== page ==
Known for his rich and diverse choreography, beautiful dancing, and great partnering skills, Ukranian-born Yuri Possokhov holds the position of choreographer in residence for SF Ballet. After training at the Moscow Ballet School, he danced for ten years with the world-famous Bolshoi Ballet and Royal Danish Ballet, before moving to the US and joining the Company as a principal dancer in 1994.
Portuguese choreographer Arthur Pita was born in South Africa and is known for eclectic dance theater works that blur the lines between genres. His first SF Ballet work, still to be titled, is part of Program 5 of the 2017 Repertory Season and features an original score by frequent collaborator Frank Moon.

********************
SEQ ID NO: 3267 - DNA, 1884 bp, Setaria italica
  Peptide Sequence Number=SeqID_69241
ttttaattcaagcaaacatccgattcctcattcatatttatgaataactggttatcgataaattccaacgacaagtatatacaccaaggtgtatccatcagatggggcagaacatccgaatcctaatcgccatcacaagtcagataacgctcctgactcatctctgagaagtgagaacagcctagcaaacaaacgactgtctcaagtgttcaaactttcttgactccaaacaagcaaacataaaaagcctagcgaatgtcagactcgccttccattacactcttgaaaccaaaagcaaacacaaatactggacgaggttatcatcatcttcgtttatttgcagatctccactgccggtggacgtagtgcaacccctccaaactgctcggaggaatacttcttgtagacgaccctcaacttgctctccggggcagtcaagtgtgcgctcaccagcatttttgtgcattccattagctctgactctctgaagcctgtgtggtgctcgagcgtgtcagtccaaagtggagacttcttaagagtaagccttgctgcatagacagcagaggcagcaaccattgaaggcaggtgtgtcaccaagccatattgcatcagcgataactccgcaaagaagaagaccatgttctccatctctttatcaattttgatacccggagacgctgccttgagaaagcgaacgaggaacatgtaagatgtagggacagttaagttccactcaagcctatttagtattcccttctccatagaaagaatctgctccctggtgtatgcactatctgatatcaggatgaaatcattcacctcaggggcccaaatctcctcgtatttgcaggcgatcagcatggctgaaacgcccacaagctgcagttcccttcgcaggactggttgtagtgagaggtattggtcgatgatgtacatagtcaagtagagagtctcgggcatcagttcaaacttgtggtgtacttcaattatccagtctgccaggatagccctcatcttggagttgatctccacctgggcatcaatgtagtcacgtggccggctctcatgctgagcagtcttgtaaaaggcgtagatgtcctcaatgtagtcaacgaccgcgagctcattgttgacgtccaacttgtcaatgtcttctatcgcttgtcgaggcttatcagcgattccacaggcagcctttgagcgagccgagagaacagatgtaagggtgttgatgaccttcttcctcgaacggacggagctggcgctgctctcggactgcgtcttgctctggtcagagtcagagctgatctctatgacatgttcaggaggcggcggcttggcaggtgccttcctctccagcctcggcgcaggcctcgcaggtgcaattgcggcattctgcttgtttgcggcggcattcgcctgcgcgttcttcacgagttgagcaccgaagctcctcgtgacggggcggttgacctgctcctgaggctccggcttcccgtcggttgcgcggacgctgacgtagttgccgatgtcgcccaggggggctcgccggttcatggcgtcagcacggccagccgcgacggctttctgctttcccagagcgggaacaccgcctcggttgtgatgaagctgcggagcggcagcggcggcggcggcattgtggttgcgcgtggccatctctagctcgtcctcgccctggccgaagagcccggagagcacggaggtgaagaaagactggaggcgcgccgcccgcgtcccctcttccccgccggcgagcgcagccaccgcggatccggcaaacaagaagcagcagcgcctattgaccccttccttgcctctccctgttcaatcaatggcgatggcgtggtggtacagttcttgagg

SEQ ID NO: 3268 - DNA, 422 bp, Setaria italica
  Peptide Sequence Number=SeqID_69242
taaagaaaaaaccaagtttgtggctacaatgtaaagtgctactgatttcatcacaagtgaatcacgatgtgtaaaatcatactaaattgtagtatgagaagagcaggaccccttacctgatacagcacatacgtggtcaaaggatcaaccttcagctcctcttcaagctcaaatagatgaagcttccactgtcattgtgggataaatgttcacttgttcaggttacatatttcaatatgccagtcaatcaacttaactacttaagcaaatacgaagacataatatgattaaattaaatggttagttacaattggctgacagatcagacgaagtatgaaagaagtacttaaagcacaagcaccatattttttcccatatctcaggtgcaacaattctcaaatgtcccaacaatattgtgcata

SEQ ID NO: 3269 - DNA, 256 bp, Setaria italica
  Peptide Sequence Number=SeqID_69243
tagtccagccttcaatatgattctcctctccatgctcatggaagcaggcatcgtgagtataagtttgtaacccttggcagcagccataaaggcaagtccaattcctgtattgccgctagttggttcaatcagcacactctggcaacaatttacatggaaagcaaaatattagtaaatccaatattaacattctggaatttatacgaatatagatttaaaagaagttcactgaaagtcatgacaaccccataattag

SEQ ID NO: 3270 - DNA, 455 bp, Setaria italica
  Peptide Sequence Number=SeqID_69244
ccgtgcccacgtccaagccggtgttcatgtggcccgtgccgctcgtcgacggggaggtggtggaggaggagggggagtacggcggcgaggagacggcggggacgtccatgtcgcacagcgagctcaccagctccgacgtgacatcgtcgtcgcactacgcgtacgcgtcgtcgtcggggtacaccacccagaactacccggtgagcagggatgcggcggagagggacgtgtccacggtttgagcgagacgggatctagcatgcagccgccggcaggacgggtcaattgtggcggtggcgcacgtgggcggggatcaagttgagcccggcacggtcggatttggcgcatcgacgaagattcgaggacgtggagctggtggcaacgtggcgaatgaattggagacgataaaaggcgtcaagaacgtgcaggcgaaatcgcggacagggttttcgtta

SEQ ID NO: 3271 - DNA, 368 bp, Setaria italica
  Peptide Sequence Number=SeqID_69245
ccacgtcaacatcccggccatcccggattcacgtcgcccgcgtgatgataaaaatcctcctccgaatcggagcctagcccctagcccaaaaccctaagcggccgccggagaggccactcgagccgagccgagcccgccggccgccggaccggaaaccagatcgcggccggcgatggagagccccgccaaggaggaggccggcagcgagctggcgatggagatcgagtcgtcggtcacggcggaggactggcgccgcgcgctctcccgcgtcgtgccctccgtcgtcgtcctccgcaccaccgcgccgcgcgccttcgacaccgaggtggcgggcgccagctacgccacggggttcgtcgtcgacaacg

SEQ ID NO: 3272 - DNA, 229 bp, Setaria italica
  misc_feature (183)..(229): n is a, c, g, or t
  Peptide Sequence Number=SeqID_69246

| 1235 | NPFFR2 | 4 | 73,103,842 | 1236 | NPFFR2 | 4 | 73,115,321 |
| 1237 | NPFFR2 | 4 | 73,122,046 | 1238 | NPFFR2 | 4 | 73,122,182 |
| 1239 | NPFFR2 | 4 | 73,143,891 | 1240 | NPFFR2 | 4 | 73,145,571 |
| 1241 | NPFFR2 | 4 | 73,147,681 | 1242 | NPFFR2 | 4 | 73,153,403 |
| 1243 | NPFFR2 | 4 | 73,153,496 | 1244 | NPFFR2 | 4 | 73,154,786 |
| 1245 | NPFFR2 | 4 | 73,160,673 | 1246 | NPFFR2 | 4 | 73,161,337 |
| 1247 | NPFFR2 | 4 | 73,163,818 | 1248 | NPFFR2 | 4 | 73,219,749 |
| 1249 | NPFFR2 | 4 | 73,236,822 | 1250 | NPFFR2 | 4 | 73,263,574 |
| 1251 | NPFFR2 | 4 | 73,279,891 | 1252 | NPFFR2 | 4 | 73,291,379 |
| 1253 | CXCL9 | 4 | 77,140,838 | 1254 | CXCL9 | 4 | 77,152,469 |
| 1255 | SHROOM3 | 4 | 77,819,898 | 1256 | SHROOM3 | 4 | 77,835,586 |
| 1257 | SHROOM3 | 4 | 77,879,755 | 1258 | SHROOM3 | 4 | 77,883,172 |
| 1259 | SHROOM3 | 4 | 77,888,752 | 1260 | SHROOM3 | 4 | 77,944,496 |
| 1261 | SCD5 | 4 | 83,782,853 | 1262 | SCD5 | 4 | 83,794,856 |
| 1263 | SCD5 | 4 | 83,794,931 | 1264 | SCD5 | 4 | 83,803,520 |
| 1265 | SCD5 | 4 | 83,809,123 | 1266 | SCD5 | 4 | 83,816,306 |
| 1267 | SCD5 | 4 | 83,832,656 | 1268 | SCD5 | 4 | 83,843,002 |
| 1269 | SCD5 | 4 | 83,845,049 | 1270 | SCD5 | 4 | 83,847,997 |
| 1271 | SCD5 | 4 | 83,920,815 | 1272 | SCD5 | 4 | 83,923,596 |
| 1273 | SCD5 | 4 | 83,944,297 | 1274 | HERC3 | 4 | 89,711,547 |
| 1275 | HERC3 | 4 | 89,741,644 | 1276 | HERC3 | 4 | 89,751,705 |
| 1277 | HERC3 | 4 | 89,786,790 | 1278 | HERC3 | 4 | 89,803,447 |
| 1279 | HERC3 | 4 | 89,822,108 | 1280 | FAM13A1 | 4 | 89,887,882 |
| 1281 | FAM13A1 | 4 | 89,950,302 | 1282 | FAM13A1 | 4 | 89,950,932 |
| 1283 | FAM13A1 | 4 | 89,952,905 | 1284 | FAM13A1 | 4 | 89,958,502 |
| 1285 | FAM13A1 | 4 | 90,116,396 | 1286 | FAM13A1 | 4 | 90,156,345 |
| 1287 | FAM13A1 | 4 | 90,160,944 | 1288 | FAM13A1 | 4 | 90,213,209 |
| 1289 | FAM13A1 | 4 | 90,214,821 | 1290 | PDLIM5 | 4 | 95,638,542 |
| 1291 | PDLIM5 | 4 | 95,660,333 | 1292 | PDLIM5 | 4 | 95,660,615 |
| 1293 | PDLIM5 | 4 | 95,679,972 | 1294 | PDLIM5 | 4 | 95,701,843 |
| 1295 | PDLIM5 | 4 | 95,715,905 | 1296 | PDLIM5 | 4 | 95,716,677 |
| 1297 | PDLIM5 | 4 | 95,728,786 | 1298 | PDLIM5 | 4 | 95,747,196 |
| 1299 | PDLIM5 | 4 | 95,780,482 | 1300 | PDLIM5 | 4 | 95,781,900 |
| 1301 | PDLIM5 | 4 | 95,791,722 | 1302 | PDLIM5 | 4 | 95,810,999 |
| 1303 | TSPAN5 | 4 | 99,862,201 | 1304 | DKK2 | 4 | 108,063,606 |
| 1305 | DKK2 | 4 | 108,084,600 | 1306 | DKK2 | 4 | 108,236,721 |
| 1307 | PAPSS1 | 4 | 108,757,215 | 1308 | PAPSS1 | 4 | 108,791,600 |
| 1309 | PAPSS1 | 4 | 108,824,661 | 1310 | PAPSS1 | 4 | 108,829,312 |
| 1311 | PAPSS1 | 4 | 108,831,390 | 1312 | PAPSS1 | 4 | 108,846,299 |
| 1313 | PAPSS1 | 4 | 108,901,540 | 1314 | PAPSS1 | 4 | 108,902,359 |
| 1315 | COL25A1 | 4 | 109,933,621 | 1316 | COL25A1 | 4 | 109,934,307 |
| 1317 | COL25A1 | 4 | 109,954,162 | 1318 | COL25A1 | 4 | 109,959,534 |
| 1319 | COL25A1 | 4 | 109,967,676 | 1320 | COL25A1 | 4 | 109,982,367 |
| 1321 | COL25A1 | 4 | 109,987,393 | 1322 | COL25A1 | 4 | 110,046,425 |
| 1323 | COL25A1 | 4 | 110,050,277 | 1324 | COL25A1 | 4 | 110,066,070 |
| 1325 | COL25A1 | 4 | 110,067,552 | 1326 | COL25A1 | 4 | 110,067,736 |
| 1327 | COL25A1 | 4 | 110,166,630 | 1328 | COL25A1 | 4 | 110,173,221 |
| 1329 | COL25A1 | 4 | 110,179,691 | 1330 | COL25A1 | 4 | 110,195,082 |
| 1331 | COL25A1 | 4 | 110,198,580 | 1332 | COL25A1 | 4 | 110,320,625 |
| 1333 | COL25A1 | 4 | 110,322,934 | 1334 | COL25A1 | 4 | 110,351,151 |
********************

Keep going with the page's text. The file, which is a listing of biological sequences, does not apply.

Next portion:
How did you get your start with professional athletes?
In the 1990s the San Francisco 49ers brought me in to consult on a rehab issue that became tricky and had a slow recovery. I was successful and quickly became known as a problem solver for multiple, “high stake” rehab cases. I went on to write a protocol and several progressions that the NFL and university training rooms use today. I’ve worked with NFL teams across the country including: the US Olympic Decathlon team, gold medalist Dan O’Brien, Stanford sports, the USA Basketball Women’s National Team, the Golden State Warriors, as well as boxers Andre Ward, Andre Berto, and Robert Guerrero. Yuri Possokhov was the first SF ballet dancer I worked with over 16 years ago. Now, on any given day you are likely to find SF Ballet dancers training, fine-tuning, and rehabbing at Active Care.
As we eagerly anticipate the 2016 Olympics in Rio, we couldn’t help but compare the athleticism of the Olympians and their sports with our very own SF Ballet dancers. Here’s how our Company artists might stack up if we held our own Fantasy Olympics:
We certainly have gymnastics covered.
Jerome Robbins’ Glass Pieces has our men ready for sprinting.